Having a hard time

Wow...I can't remember ever being this down for this long before. I'm getting a little better but not enough. Adding the Advil to the mix has definitely helped a lot. The one day I forgot a dose of Advil was a harsh reminder of the pain. How the heck did I ever get through a day with that much pain.

I can't talk to my family. They don't get it and haven't bothered to read the information that I have given them. Then when they ask me questions the arthritis I get very frustrated because if they had read it they would know. It gets overwhelming being at work every day and then coming home to try and do all the things that need to be done. in some ways work is all I've got. My son is a little better now with helping me but he has his own life. I can do some housework but have trouble doing too much, especially vacuuming. I don't cook anymore because I can't hold a knife very well to prepare and cook the things I want. I used to cook every weekend so I would have left overs through the week. Now some days I struggle to find anything I actually want to eat. I could get some more gadgets but they can't cut the way I would necessarily want. Next, I need a juicer. I've been shopping for one.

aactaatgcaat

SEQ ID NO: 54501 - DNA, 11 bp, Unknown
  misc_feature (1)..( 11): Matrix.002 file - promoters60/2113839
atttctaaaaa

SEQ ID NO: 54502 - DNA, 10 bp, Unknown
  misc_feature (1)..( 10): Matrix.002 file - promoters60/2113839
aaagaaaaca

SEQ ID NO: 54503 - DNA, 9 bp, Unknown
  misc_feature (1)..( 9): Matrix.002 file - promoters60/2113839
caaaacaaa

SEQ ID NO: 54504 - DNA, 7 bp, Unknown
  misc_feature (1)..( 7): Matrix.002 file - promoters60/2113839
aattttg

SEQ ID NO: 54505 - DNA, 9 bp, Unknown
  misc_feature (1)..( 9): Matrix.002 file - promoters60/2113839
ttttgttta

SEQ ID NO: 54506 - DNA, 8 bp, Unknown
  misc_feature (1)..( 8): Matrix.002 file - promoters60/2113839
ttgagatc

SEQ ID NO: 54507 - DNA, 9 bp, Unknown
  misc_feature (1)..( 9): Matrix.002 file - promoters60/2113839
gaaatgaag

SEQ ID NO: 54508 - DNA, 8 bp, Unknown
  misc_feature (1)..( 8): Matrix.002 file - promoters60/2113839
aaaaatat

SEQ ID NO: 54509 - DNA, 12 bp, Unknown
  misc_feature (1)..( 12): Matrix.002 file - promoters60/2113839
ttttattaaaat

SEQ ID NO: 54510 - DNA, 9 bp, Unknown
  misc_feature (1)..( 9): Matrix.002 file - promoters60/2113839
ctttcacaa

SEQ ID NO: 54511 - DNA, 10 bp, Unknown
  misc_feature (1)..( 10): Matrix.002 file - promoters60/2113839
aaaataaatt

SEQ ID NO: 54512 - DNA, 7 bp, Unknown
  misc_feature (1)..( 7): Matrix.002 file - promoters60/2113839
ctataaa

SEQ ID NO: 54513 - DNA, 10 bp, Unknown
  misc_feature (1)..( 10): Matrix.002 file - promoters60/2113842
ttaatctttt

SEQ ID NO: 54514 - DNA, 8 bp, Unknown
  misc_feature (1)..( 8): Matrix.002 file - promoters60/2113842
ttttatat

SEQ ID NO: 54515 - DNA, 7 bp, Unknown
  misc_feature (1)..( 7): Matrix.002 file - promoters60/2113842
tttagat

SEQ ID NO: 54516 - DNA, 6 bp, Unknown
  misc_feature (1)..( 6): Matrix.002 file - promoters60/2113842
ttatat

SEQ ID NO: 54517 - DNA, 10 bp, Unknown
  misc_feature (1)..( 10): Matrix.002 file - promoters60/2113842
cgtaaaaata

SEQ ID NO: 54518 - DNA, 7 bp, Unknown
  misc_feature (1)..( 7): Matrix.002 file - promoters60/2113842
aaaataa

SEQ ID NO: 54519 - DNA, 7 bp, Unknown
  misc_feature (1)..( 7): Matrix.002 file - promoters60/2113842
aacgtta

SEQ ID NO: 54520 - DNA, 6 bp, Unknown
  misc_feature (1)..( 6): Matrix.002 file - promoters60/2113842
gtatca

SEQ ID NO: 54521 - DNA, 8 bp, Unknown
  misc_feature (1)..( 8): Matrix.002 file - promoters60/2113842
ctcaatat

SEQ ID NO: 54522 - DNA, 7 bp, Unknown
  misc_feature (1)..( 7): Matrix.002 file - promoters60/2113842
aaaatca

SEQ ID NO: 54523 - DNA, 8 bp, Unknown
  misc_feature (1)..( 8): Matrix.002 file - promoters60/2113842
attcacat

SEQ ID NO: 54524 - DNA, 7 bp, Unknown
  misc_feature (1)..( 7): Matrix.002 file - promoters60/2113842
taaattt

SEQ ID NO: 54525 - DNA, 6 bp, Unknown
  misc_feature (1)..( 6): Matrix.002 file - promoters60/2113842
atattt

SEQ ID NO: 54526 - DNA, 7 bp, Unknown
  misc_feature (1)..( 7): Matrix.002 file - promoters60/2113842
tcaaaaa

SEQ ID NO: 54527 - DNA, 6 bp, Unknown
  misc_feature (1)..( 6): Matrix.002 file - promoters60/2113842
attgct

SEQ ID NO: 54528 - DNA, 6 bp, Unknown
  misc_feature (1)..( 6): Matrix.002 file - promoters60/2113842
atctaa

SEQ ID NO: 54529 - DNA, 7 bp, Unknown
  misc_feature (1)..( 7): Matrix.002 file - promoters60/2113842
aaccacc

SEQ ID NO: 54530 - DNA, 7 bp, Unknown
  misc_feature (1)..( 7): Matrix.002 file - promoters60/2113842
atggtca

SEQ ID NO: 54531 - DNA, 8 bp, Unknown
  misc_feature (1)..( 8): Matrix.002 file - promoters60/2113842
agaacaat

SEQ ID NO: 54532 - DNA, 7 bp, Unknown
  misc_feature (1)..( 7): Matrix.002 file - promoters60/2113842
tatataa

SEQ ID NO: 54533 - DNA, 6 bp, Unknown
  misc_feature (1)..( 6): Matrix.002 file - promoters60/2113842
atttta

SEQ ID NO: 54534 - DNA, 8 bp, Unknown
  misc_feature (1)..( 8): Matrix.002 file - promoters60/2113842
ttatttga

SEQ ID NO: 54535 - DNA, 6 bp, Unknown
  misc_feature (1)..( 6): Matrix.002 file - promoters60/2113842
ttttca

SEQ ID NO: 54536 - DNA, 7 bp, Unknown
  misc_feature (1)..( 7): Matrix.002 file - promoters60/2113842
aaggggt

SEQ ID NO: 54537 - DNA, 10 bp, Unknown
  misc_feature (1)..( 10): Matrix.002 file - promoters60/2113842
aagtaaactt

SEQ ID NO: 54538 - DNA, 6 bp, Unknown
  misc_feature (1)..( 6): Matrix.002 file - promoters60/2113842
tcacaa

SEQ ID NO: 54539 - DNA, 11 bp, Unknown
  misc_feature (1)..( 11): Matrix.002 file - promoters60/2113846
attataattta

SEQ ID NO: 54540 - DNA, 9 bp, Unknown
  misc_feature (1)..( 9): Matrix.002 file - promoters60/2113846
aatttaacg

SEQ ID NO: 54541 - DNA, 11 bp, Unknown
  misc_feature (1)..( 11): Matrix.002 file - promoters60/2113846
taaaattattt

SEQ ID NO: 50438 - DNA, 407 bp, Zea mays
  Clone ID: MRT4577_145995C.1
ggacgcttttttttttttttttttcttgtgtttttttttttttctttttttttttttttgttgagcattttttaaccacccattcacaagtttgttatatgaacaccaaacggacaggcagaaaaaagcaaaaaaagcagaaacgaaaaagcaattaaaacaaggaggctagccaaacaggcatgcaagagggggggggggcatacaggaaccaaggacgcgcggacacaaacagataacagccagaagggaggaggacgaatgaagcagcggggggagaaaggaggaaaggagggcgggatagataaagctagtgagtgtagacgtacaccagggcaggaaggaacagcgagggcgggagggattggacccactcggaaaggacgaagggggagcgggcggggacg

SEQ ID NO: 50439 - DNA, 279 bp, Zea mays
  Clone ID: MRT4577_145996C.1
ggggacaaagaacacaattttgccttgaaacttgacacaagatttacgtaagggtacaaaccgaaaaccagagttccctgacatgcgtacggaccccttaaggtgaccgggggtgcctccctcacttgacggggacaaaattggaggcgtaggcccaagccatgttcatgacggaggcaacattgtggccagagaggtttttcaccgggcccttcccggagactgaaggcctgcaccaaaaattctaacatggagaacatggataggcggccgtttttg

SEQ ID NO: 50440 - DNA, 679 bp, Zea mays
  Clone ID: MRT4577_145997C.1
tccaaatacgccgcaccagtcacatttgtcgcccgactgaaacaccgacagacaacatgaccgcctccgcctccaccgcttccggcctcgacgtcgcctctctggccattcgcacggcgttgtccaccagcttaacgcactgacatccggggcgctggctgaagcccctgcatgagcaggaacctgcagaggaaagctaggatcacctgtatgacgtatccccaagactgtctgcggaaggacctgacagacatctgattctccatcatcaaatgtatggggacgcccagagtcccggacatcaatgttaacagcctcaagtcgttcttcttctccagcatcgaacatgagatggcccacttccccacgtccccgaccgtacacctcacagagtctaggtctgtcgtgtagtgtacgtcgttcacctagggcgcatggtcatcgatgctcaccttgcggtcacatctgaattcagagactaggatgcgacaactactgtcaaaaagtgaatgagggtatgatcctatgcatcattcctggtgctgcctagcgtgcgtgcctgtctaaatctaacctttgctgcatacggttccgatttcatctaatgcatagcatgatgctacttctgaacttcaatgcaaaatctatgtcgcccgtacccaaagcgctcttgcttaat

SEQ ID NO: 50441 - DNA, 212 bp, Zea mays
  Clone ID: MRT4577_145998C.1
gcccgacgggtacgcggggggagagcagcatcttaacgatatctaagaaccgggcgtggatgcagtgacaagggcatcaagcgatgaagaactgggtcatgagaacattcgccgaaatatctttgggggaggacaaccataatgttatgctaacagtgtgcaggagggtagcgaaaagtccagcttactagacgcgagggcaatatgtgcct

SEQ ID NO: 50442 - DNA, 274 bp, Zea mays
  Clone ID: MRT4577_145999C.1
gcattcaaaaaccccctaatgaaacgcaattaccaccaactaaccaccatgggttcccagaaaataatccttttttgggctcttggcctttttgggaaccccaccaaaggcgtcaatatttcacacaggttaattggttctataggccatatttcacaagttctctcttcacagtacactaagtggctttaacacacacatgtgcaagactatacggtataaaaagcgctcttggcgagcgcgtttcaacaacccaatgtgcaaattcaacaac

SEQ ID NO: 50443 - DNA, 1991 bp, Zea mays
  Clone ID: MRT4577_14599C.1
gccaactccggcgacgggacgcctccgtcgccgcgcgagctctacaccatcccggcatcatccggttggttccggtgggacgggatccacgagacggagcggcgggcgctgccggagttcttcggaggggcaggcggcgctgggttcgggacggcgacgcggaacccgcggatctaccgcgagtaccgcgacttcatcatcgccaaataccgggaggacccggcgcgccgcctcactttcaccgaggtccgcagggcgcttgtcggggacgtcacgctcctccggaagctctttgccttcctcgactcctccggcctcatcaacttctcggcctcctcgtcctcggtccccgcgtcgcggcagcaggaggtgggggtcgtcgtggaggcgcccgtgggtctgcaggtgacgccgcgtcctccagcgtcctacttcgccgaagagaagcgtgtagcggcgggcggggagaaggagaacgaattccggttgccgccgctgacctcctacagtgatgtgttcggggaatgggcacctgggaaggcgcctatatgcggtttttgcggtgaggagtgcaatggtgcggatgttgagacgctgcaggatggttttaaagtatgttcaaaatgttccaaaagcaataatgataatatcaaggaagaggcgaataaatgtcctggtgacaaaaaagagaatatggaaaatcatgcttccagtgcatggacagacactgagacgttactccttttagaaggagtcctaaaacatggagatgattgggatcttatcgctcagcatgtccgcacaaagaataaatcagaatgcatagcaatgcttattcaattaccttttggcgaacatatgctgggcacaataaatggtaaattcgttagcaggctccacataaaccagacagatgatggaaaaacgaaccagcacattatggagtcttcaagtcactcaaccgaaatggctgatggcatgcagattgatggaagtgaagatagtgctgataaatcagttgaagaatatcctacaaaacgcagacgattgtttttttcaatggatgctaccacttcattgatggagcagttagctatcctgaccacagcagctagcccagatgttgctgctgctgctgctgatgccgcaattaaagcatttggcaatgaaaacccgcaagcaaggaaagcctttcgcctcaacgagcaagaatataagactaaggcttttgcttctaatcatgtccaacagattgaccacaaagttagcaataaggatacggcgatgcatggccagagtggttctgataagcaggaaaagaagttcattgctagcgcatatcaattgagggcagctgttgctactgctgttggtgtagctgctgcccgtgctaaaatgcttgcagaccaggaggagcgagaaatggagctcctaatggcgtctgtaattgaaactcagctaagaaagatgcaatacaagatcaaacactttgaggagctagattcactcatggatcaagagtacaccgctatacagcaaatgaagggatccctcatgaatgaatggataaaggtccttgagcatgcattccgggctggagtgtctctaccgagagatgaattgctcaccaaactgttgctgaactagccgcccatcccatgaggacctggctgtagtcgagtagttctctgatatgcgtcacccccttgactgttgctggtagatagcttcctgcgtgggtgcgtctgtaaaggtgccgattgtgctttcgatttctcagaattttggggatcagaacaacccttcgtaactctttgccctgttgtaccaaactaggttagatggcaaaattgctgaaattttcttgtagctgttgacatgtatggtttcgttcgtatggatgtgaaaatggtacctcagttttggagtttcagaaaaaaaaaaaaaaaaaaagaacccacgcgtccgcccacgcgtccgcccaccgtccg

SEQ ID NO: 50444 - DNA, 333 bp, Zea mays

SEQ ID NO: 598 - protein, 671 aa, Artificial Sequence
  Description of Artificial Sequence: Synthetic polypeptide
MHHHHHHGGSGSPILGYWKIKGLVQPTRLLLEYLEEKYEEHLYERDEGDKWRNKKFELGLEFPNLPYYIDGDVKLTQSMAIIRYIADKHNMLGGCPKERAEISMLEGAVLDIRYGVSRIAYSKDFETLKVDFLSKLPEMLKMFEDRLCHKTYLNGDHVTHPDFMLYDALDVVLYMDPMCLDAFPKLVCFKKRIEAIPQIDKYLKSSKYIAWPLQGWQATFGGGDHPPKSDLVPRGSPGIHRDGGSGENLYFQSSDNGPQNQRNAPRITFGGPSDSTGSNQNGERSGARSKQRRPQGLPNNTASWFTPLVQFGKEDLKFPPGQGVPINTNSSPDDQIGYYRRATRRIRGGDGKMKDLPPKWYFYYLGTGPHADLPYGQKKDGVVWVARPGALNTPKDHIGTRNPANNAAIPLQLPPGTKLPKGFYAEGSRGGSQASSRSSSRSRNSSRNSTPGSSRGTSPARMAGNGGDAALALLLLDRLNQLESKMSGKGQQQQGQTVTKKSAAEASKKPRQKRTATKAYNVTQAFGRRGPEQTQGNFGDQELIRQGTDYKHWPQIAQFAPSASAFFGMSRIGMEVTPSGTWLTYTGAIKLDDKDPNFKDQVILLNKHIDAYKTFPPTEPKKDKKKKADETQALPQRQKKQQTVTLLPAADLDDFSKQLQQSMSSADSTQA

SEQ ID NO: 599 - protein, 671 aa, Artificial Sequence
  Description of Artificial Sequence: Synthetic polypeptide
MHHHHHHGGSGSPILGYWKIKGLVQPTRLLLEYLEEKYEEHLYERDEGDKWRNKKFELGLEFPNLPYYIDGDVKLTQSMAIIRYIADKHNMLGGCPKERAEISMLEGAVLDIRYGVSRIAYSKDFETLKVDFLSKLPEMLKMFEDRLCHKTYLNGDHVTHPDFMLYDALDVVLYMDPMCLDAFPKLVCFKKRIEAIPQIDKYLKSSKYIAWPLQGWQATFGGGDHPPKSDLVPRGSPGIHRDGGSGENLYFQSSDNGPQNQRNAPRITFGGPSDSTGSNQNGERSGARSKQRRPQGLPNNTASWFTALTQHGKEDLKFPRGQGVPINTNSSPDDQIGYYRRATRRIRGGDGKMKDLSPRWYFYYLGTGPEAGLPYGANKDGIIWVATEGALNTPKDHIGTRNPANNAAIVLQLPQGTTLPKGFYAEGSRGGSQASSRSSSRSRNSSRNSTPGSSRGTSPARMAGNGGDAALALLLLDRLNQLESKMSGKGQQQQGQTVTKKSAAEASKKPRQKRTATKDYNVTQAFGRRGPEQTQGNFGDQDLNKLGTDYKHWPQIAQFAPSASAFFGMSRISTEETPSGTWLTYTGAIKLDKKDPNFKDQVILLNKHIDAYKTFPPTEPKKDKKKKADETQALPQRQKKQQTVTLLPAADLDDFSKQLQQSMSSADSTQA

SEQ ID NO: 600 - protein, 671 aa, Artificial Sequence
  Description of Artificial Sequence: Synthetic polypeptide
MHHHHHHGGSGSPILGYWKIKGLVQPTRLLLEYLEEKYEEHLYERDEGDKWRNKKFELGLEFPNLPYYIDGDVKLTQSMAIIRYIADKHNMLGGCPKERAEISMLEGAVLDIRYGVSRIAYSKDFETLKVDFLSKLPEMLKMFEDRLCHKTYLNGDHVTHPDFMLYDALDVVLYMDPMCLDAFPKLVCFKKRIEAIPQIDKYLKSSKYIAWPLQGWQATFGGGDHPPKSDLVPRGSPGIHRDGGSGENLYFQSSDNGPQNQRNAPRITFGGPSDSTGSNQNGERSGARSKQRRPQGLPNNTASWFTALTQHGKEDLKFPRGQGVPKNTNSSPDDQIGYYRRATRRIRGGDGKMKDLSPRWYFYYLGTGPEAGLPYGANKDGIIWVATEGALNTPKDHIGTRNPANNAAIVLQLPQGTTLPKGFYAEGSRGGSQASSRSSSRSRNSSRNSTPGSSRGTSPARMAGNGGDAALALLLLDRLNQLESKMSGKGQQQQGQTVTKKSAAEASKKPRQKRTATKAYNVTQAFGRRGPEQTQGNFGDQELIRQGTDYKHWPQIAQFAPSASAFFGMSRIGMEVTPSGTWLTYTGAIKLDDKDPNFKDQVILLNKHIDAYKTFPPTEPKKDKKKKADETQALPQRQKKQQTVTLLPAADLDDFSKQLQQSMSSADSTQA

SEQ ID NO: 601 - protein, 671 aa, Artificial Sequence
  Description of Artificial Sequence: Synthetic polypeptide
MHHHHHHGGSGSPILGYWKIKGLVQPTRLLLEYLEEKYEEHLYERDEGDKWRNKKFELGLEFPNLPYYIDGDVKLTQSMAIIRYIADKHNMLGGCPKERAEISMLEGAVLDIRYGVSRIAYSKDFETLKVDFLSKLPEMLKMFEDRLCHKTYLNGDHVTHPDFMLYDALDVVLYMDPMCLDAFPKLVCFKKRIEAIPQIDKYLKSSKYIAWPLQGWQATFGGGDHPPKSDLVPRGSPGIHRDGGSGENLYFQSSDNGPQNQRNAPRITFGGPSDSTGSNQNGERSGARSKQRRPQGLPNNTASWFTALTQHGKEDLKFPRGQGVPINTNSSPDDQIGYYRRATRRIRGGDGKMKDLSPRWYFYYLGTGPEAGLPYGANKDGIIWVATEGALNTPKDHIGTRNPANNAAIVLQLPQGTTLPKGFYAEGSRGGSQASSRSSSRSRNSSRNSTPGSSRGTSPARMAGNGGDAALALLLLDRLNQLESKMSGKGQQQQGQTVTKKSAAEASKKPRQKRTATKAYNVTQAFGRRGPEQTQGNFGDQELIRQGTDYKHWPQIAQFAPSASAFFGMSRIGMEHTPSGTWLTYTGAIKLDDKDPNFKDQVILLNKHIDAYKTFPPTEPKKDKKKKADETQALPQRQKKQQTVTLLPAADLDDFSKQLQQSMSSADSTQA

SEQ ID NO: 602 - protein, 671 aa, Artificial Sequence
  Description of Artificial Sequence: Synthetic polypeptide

I'm feeling very secluded because I get tired and don't want to be out a lot of the time.

I could go on but I'll stop there.

Hang in there Dini. See if there are things you can do to help yourself. Many supermarkets stock precut fresh veggies and a meat department will always chop things for you if you need. It is hard to feel supported when no one gets your disease. So try making time to support yourself. You have to take care of you. Thinking of you.

You could go on … but Dini, no need. We get the drift, oh, do we ever. I’m so sorry it’s like this right now. You are going through a terrible phase of struggling with an obscure disease that just won’t let go. There’s the pain, and then there’s the depression. And we all know how difficult it is for others to get it: they don’t/can’t/won’t and that just compounds your feeling of being alone with this. If you had an unidentified lump awaiting diagnosis or a limb in plaster, you’d be getting cards, phone calls and casseroles. And in the meanwhile,you’d know that in the long run, you’ll probably be just fine. But, unfortunately, it’s not like that when you have PsA.
Things will get better. You’re going for an expert second opinion in a month or so, aren’t you? You are strong. You can hang on until then. I know you can. Focus on what you can do for now, and keep taking that Advil. Set an alarm on your phone if you need to, so that you don’t forget.
Can you get to see your GP for some stronger pain relief to get you through this flare? (I had good success with the sustained release tramadol when I was waiting for my THR.)
Sending you gentle cyber hugs. I wish I could drop by your place to bring you some flowers and a big pot of soup.

So sorry you’re going through such a tough time Dini, sometimes it easy to believe that we are alone, cos that’s how it feels…can you minimise some of the chores like shopping by doing it online? When I am in the worst of a flare I do nearly all my food shopping online then get it delivered. Just get the fresh stuff myself. I find it increasingly hard to tackle crowded shops and it seems to exhaust me, so its the internet for me!